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J Palliat Med. 2012 Mar;15(3):322-6. doi: 10.1089/jpm.2011.0132. Epub 2012 Feb 21.

Practical approaches toward improving end-of-life care for people with intellectual disabilities: effectiveness and sustainability.

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Respond, London, United Kingdom.



People with intellectual disabilities (ID) experience many barriers in accessing quality health care for serious and terminal illness, including delayed diagnosis, as signs and symptoms of illness are misinterpreted There is growing evidence that palliative care services are underused by people with ID.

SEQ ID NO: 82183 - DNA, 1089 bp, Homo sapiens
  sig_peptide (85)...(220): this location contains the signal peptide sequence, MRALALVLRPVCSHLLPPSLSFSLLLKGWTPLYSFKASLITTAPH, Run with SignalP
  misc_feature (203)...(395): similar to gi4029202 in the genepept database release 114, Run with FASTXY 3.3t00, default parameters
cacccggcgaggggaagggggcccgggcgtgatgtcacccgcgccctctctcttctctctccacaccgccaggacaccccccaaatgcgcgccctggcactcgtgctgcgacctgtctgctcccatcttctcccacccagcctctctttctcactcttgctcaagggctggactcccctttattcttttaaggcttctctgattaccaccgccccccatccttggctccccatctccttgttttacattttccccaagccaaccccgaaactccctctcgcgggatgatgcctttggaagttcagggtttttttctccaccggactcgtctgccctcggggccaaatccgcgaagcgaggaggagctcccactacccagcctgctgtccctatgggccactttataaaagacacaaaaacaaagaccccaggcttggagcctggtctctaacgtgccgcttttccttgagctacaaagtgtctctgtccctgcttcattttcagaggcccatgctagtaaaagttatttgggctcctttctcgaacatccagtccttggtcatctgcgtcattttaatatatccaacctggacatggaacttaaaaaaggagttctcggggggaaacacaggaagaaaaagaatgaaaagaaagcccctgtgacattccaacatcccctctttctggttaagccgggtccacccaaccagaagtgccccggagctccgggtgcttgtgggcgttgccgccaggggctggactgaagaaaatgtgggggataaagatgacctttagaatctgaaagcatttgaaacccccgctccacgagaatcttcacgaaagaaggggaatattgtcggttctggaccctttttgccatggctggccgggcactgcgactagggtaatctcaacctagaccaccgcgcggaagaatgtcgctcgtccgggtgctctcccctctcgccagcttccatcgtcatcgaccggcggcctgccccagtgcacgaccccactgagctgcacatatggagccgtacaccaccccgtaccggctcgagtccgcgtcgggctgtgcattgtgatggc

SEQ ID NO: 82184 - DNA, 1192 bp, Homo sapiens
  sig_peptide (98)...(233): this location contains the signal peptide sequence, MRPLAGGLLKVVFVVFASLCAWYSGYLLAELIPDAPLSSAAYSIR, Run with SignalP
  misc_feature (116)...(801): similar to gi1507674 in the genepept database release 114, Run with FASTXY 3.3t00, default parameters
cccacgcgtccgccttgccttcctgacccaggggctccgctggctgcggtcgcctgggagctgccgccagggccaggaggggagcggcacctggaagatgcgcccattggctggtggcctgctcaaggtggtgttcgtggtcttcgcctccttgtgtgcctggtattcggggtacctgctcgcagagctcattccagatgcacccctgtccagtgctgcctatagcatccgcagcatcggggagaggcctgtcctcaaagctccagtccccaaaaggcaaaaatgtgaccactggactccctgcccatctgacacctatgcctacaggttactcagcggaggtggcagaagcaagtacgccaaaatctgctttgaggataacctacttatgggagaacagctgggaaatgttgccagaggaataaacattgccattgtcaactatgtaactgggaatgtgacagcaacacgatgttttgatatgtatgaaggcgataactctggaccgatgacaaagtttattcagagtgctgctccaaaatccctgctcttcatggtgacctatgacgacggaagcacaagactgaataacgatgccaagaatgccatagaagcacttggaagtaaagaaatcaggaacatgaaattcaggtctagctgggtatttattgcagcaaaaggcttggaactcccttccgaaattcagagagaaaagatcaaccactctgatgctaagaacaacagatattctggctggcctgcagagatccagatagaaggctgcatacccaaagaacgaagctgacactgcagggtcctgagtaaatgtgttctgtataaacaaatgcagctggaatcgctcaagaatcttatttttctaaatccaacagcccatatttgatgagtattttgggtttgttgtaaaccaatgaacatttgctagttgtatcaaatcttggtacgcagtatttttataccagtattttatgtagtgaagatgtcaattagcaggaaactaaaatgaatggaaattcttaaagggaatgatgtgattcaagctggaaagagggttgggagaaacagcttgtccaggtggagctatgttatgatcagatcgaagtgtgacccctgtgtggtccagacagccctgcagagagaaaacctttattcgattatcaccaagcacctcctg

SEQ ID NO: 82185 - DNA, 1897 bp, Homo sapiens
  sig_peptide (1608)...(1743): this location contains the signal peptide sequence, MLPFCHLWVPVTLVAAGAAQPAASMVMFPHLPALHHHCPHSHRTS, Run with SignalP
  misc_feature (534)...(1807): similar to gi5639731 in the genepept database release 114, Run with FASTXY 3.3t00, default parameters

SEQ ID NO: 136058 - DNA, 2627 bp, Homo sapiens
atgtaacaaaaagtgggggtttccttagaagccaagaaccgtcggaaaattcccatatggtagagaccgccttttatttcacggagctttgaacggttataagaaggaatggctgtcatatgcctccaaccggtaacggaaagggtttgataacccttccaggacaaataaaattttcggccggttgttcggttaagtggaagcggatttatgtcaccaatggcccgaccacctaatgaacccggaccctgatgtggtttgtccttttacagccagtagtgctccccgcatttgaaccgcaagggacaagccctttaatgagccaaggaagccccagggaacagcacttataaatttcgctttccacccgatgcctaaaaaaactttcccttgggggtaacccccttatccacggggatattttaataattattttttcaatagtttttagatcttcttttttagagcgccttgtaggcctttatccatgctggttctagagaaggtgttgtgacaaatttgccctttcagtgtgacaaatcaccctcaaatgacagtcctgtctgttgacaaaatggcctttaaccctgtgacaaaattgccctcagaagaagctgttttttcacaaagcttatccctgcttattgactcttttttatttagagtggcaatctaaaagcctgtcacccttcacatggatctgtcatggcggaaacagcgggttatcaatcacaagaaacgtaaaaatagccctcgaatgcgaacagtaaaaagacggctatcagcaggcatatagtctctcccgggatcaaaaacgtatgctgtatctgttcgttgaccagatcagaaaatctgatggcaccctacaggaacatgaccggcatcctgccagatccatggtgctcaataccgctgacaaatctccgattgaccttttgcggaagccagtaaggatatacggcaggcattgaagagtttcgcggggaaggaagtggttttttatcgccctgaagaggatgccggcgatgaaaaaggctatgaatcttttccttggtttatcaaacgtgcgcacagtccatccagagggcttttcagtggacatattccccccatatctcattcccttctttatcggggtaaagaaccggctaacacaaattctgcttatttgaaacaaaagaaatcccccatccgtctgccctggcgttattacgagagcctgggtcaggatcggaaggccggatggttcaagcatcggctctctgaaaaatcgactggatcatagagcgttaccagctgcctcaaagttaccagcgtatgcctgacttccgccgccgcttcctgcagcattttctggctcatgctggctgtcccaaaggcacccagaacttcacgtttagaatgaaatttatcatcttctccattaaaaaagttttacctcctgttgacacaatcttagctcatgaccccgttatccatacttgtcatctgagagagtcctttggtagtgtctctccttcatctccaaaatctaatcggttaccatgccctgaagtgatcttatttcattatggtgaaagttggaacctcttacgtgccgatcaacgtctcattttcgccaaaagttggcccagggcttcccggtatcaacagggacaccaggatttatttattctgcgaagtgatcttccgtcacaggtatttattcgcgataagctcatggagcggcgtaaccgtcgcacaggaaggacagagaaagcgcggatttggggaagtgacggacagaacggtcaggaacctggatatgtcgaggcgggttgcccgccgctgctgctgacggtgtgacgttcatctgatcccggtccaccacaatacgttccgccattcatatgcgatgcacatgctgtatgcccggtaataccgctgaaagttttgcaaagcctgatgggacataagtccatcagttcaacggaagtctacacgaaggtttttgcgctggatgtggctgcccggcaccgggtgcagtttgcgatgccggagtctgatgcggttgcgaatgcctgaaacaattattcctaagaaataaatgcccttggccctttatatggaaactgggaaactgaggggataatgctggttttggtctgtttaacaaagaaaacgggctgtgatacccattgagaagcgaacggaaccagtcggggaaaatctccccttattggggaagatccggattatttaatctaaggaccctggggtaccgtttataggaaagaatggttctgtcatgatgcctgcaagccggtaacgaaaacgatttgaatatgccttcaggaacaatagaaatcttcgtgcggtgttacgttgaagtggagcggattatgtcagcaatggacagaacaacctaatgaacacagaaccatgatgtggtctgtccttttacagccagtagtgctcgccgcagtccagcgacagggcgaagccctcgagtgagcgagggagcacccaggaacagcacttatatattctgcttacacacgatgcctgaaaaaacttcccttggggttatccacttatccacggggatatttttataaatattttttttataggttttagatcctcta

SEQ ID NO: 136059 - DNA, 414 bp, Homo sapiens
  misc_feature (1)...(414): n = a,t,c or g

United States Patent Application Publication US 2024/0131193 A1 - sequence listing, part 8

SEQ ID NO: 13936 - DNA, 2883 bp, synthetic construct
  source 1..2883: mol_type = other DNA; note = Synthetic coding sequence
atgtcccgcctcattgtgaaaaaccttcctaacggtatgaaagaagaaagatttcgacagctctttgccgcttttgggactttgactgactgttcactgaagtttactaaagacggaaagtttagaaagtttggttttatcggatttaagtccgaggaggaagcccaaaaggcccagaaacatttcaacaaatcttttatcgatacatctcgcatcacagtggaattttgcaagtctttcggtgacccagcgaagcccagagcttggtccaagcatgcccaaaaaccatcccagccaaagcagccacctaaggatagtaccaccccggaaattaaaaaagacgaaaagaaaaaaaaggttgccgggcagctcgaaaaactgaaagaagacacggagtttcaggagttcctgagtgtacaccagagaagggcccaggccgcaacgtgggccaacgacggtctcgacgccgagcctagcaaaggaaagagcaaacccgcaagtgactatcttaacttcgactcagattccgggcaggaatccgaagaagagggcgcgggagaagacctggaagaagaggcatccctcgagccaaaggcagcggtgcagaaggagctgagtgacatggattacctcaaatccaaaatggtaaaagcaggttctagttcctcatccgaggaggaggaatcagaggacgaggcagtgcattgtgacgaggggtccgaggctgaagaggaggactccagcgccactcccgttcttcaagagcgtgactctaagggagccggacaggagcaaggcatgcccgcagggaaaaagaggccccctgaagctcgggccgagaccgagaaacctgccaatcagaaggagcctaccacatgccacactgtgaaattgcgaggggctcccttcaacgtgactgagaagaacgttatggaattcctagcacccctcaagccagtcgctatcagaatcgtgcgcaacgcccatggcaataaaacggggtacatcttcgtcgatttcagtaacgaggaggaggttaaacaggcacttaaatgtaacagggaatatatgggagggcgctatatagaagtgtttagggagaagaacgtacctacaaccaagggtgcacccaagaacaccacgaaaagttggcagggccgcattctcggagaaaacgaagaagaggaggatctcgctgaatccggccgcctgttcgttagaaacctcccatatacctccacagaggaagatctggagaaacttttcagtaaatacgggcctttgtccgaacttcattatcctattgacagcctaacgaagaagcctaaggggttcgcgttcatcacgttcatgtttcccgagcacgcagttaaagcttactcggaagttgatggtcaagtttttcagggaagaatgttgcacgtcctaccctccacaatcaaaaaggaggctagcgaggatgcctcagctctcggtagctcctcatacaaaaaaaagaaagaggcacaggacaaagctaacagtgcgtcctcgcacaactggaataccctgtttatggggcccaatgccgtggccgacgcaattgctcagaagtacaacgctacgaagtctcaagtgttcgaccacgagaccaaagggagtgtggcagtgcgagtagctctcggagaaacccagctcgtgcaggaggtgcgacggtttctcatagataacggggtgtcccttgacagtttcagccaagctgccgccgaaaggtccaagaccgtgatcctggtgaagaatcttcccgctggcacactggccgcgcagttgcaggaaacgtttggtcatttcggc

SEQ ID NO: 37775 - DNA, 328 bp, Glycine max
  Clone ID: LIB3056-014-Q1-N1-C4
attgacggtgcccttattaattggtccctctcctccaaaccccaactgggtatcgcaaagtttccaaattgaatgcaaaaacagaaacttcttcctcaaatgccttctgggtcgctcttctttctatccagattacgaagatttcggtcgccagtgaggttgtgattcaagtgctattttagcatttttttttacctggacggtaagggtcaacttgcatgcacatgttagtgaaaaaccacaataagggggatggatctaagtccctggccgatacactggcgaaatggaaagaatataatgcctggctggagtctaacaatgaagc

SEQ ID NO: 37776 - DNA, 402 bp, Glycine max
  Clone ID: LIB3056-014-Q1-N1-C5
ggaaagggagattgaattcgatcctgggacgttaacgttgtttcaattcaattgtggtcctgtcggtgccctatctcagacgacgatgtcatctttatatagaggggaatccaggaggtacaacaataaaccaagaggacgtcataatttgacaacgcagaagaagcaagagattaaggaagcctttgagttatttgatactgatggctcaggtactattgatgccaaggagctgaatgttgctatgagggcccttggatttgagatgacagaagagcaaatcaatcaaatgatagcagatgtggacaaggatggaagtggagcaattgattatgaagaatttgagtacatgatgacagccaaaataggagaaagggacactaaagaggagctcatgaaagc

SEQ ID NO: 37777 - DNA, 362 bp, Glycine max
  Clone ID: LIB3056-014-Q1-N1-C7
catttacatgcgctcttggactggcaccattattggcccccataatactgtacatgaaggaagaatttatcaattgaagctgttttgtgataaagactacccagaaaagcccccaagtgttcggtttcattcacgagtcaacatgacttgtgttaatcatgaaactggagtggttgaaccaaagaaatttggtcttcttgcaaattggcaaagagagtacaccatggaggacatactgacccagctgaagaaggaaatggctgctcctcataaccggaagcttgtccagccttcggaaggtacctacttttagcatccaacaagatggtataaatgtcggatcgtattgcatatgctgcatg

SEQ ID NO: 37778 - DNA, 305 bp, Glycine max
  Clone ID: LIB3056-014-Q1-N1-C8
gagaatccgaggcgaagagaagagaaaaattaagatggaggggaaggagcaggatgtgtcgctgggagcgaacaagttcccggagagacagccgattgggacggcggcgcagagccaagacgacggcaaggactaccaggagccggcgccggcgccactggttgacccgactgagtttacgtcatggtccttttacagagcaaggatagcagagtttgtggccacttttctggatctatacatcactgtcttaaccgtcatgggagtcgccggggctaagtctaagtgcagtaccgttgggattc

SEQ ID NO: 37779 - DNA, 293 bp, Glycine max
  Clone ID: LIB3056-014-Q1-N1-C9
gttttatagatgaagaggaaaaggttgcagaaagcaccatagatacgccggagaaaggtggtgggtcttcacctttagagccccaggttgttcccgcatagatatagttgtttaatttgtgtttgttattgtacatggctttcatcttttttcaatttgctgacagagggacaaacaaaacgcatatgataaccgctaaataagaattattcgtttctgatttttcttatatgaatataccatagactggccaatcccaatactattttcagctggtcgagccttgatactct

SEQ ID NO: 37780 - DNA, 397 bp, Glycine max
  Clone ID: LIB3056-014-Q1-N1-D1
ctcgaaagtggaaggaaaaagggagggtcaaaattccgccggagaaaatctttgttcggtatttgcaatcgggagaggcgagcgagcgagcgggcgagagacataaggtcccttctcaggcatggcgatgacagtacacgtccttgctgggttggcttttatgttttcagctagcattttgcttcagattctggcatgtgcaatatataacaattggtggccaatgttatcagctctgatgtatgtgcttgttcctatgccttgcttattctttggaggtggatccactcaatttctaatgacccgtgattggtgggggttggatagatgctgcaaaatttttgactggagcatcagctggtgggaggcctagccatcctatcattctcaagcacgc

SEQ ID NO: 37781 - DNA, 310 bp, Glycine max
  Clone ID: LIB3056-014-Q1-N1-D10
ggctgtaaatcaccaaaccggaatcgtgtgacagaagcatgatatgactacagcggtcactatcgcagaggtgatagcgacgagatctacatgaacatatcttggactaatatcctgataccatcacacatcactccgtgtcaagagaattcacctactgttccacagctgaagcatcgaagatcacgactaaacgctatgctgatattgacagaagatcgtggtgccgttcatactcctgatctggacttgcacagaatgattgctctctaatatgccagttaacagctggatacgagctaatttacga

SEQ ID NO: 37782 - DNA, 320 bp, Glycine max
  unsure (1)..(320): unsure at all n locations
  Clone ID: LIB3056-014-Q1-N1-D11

A 3-year project aimed at exploring ways of increasing access to palliative care services by people with ID in South West London was conducted. A project group designed training sessions for both ID and palliative care staff involving four hospices and 228 care homes. Evaluators used interactive cycles involving discussions and interviews to map learning and identify constructive ways forward.


In general, the study found that there was a lack of understanding of each other's role between palliative care professionals and ID staff, with each unsure of what the other service is providing and how it is run. Recommendations include securing a development worker for ID and end-of-life care; conducting training for ID care staff; establishing how ID services are organized within the local area; linking to national training programs; ensuring that senior management is proactively involved; and ensuring that the goals of any initiative are clear and measurable.

[Indexed for MEDLINE]

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